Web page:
According to Trichkov, “the viewer always needs to see eyes in a creature, otherwise it is too anonymous and not as terrifying.” However, since the inclusion of eyes would have been too big of a departure from the original concept, the team settled the issue by putting eye substitutes in the creature’s head — in the form of shock-sensing organs. “We put shock-sensing organs on top of its head, and two small dents in the place of eyes since a subterranean creature does not need to see.”
The Graboid’s tongues — labeled by the crew as ‘grabbers’ — can detach from the main creature and move separately from it. “The Grabbers in this movie have a unique feature – they are able to travel separately from the mother Graboid. This called for a slight redesign so they have enough features to be able to dig through the ground and slide on top of the ground. The production team have built physical model Grabbers to be used in many of the shots, but in the final edit all the shots in the movie used a CG version of the Grabber.”
When it came to the new Assblaster, Trichkov was not too fond of the original iteration. “To be honest, I hated the original Assblaster design and I thought that it could be greatly improved,” he said. “My thought was to make it more vicious, more agile and to make it look different from everything else. Here, as always, the devil was in the details: the turbine at the end of its body holding flammable gas; the two curved bones that ignite the flames from that same turbine; the burned-out scales left from hundreds of fire blasts; the small weak wings used for gliding; the way the wings fold invisibly into the body; and of course, the grotesque mouth.” Unlike the previous Blasters, the new creature had literal wings, as opposed to gliding sails.
Trichkov also wanted to make the Assblaster look more related to the Graboid, as the Shrieker stage was missing. “One of my aims was to bring the Assblaster much closer in appearance to the Graboids, because they are directly related. Graboids are hatched from Assblaster’s eggs and they should look more like each other than they had previously.” One last touch to the digital model was a charcoal material covering on the back that progressively faded out towards the head, in order to suggest the long term effect of the tail combustions.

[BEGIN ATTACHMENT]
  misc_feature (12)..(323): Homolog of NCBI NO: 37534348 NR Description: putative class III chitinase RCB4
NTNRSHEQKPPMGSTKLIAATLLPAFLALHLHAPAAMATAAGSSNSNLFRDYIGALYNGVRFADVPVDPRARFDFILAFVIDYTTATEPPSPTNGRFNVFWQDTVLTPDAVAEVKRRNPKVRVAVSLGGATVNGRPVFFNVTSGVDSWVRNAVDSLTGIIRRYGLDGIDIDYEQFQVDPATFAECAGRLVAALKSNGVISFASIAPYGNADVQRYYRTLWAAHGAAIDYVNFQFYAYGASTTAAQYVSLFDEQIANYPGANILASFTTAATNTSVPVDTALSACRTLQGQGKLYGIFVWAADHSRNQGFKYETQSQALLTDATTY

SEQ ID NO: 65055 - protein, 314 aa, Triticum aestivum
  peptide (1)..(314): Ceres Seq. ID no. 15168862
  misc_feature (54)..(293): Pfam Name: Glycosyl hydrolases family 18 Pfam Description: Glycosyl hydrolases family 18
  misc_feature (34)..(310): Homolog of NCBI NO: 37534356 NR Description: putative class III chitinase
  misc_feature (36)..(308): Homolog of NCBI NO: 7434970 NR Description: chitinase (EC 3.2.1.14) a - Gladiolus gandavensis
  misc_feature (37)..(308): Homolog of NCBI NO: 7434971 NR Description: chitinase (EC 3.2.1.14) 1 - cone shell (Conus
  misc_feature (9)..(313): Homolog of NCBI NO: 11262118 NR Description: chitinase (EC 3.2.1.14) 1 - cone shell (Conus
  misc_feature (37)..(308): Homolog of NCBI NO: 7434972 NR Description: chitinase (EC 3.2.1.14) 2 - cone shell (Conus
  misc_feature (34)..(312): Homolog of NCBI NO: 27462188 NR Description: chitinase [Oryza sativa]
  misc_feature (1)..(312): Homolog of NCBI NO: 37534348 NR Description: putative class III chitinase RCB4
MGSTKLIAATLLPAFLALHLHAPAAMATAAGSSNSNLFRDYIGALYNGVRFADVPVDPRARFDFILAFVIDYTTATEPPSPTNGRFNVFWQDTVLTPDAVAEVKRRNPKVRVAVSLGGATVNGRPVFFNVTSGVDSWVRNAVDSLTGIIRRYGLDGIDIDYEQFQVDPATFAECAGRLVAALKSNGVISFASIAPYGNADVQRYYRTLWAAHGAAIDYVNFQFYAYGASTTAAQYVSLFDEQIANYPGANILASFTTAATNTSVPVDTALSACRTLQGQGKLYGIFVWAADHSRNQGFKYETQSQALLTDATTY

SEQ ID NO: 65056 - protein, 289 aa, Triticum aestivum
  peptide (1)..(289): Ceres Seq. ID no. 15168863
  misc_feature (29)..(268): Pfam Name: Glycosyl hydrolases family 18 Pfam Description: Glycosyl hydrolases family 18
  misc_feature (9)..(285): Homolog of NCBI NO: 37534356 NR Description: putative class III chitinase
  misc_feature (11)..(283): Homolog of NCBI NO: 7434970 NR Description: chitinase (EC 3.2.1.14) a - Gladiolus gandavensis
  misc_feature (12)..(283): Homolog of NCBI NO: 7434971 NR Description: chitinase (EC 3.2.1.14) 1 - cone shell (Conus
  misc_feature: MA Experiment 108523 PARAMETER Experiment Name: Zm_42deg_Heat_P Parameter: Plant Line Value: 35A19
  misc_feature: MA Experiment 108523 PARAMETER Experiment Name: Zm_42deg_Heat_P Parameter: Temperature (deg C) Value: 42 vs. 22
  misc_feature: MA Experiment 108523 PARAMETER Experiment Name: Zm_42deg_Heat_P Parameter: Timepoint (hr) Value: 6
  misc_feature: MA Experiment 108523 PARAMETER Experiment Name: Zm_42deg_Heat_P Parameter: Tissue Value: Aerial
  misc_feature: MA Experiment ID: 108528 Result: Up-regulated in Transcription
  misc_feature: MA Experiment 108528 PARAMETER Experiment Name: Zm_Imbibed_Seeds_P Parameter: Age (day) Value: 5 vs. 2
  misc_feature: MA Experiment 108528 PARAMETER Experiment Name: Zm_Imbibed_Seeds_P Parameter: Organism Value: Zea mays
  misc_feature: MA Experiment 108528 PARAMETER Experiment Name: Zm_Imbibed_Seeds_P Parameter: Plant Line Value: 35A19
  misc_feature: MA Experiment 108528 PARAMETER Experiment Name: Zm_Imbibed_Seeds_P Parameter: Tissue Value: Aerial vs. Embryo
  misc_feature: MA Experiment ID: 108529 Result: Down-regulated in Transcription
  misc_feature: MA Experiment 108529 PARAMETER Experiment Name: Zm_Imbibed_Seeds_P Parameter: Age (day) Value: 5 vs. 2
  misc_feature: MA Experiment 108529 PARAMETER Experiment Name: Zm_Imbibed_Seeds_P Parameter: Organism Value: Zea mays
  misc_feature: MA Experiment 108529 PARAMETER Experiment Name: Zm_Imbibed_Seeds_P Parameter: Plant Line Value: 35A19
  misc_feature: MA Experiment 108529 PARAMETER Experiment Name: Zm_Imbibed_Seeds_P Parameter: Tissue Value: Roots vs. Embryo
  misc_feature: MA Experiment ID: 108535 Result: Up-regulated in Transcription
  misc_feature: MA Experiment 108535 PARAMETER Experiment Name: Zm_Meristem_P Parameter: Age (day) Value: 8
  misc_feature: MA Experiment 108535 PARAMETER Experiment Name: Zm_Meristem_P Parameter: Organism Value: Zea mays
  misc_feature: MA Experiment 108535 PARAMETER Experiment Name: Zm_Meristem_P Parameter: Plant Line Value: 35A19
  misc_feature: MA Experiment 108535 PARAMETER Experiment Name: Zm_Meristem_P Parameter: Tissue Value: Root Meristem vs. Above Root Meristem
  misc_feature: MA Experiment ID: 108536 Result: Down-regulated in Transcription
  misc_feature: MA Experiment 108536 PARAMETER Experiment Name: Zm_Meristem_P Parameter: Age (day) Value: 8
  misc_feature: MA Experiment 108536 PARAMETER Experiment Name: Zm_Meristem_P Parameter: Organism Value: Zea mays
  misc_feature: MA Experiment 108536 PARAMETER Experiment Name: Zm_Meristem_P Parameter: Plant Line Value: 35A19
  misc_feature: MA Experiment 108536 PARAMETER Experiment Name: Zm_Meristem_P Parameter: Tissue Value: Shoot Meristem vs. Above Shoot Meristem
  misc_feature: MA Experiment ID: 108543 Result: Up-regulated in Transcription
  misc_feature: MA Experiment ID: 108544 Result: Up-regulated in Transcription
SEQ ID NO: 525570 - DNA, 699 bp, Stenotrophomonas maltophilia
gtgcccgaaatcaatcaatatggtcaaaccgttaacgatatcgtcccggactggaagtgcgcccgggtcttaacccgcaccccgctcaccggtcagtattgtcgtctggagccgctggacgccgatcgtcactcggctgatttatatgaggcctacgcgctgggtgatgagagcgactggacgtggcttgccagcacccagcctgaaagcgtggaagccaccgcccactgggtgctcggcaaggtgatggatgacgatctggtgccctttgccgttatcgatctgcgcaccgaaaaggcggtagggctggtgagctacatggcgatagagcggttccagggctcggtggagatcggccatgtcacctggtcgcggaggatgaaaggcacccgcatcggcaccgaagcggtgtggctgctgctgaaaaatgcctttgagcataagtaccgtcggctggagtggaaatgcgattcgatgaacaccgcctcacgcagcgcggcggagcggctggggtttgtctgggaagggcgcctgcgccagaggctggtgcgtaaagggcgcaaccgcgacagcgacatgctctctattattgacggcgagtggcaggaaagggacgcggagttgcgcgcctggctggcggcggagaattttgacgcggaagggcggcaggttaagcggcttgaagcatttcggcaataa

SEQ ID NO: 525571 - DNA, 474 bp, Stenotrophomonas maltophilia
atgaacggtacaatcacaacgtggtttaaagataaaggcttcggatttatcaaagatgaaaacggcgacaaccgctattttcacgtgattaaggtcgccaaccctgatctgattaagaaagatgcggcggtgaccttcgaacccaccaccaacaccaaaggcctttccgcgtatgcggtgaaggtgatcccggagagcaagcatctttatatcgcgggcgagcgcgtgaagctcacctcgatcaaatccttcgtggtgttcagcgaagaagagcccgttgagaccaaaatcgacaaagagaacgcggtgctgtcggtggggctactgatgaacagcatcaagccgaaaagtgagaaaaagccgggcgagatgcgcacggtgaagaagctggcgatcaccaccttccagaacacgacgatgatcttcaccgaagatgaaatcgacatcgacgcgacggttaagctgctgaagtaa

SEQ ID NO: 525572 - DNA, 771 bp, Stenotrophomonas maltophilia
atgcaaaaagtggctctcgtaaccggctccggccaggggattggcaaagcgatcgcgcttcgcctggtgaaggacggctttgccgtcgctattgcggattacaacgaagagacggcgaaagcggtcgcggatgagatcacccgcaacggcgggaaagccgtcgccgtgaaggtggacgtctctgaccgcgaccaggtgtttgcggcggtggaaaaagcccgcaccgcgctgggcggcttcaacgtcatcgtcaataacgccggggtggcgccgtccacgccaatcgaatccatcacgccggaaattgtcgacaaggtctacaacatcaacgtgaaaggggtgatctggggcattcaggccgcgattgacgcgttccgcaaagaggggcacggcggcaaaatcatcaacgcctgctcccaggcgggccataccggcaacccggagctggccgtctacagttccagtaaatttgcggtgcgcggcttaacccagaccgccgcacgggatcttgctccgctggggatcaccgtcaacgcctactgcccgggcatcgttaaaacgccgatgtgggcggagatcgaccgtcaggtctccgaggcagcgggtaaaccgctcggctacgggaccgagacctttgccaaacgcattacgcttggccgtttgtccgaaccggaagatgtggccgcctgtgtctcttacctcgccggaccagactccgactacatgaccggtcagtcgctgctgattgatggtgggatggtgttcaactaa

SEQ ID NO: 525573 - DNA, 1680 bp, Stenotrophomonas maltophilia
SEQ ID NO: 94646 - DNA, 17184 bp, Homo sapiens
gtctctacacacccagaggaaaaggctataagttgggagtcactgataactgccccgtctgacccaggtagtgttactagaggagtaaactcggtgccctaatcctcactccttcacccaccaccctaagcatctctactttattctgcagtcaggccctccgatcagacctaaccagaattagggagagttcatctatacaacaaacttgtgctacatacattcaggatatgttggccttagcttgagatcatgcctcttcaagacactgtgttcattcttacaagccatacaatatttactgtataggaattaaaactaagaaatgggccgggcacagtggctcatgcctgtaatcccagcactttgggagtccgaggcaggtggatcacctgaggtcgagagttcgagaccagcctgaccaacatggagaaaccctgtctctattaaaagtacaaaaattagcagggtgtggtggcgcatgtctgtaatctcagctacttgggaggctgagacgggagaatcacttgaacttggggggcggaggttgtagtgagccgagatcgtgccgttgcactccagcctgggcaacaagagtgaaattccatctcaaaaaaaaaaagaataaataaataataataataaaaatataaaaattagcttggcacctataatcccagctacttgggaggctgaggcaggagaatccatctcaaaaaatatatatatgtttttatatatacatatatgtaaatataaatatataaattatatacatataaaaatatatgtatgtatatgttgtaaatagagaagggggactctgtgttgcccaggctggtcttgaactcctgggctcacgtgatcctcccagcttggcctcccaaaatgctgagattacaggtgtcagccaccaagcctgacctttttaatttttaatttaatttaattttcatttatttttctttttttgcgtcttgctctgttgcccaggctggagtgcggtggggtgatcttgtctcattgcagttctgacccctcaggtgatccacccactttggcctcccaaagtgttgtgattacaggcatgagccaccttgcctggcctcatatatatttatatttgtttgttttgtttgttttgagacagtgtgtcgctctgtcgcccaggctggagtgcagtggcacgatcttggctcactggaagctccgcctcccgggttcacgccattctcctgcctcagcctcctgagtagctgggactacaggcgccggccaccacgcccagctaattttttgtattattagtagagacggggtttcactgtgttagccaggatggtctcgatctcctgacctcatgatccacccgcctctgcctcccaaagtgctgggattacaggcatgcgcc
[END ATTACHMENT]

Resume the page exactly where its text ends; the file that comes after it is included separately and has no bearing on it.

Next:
With the exception of some gore effects and sparse practical shots of the grabbers, the creatures were entirely digital. Physical reference for the grabbers was used on set, only to be replaced in post-production. Visual effects artist Pavel Pehlivanov devised an auto-rigging system for the creatures. “It was clear that there would be a lot of back and forth and many more iterations in the process compared to some of the other projects we have done,” he said. “The only way to do that was to automate the rigging process as much as possible. This was a great opportunity for me to finish the auto-rigging system I had been developing for quite some time. It allowed us to rebuild the rigs in a fraction of the time, after every design or model change.”
When it came to actual animation, the digital effects team researched the body language of the original creatures, but ultimately created whole new animation systems for the new Graboids and Assblasters. “Despite the fact that there is no shot in the film where the Graboid is seen underground, it felt right for the whole animation team to explore different options of how the new corkscrew shape would work. That helped us create a lifelike appearance for the ground breaching and in-air movements of the creature. We extensively researched the way the Graboids moved in the original series, but because of the design changes and more vicious mentality, we couldn’t re-use most of what we found there.”
Danny, animation supervisor, concluded: “at the end, I think we were able to breathe life into a fresh concept, and I really hope that the hardcore fans will embrace the new, more modern design.”
For more pictures of the African Graboids and Assblasters, visit the Monster Gallery.